Behind these superficial mistranslation incidents, however, lurk the long-term hostility and prejudice of the West toward China, remarked Chinese scholars. Enjoying a dominant voice in the international public opinion field, the US-led West has been launching an anti-China "cognitive warfare," and mistranslation is one of its tricks targeting the billions of non-Chinese speaking audience.

"In the past, some translation mistakes might have been caused by technical defects or the incompetency of translators; but now, particularly during the last two years, we found that some foreign politicians, media and think tanks deliberately worsen the mistranslation problem," Dong told the Global Times. "There must be some organizations or individuals that intentionally tarnish the images of China and Chinese people by setting up the language barrier and deepening the misunderstanding," he said.

Incompetence, malice of translators

Some non-professional "translators," "reporters" and organizations have also been springing up online discrediting China through translation. Under the banner of making China known to foreign readers, they consciously choose to translate materials based on their own ideological positions and political interests in order to take them out of context and demonize China.

On the back of the current Russia-Ukraine conflict, the "great translation movement," which has gained some momentum on social media platforms such as Twitter and Instagram, has come into public view. By unilaterally handpicking and translating some radical remarks on Chinese social media, it elevates them to "deep-rooted bad habits" of the whole Chinese nation. 

The rumors that the "great translation movement" chose to translate have further festered on the websites of hostile platforms such as US-based SupChina, one of many China-bashing organizations that actively create, spread and hype anti-China content to wage an overseas "cognitive warfare."

Professor Tang from Fudan University noted that anti-Chinese forces are now mature enough to use the internet to self-organize - actively plan anti-Chinese issues to infiltrate and mobilize some netizens, driving them to act like woodpeckers to find a few rare, extreme statements and then embellish them.

Yang Xuedong, a professor of political science at Tsinghua University, told the Global Times that "In the global discourse arena, the West holds media hegemony and monopolizes the supply of media content. Western media coverage of non-Western societies focuses more on negative news, thus providing their audiences with a picture that is often inverted from the reality." Yang also noted that when rumors go viral, the internet can rapidly spread and reinforce the biased perceptions of the audience.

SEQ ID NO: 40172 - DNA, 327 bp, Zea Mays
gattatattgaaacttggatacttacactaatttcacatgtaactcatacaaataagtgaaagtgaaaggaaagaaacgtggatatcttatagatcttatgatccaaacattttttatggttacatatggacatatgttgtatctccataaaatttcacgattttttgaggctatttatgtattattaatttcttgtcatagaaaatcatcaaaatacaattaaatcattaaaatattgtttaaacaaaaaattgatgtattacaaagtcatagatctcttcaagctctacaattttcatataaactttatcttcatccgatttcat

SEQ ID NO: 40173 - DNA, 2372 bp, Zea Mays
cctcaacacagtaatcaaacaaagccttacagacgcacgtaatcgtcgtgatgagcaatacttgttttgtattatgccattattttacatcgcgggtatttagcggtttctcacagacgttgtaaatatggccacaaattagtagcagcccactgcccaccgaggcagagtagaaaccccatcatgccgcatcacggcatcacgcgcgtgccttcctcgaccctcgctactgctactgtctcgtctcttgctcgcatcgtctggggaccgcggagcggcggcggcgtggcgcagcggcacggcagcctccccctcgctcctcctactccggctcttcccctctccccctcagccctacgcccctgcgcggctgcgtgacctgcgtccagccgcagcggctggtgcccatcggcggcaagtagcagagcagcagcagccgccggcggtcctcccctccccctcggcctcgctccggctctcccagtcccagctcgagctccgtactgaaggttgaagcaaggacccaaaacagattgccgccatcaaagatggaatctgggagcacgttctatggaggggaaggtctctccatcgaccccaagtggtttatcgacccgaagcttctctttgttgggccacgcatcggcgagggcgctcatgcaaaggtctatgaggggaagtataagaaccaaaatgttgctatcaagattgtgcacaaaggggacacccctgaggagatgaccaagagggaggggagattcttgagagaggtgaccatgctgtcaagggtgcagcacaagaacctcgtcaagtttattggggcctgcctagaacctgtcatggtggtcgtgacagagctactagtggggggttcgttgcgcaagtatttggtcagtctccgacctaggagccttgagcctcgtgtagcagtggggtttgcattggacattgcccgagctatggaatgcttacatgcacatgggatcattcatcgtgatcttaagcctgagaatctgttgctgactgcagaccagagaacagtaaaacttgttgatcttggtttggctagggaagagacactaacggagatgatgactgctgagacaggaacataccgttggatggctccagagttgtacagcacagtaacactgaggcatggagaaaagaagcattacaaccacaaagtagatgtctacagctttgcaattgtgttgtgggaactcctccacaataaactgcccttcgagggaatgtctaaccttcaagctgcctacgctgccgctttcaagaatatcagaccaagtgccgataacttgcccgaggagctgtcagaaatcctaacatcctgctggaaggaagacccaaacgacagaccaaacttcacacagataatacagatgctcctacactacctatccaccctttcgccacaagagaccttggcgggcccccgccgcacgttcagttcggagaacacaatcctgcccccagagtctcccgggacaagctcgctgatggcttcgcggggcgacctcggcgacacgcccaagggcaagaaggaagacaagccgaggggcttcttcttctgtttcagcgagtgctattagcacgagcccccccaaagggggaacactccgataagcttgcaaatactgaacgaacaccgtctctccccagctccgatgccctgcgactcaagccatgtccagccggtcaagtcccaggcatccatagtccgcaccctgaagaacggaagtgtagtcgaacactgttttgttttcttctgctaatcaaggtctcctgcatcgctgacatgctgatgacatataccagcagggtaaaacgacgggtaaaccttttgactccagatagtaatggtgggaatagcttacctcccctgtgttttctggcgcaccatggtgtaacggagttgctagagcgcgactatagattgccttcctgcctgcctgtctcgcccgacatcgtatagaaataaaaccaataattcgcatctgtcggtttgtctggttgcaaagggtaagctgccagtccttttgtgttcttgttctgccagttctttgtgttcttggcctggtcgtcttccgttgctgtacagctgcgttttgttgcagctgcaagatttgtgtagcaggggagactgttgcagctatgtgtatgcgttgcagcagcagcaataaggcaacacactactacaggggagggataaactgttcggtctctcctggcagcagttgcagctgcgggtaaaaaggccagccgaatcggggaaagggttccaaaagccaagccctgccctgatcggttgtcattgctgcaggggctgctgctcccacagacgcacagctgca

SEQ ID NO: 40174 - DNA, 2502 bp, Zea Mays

People line up for Covid-19 testing in a residential community in Shanghai, April 12, 2022. Photo: IC

People line up for Covid-19 testing in a residential community in Shanghai, April 12, 2022. Photo: IC

The errors and chaos in China-related translations are partly due to the incompetence of translators and the malice of certain organizations and individuals, Yang said. But ultimately, "they are caused by China's long-standing marginalization, weakness and even vilification in the Western-dominated world discourse system," he told the Global Times.

Tang noted that in Western academic circles, there are many scholars who involuntarily carry out Western-centric translations with deep-rooted biases.

For example, in the translation of The Analects of Confucius: A Philosophical Translation, despite that renowned US Confucian scholars Roger T. Ames and Henry Rosemon tried to break the Western centrism and bridge the gap between Chinese and Western philosophies in the process of compilation, the book describes Confucius as an "exemplary person" who uses "authoritative conduct" to denote the benevolence of Confucius, making the book "both alien to the English reader and bizarre to the Chinese reader.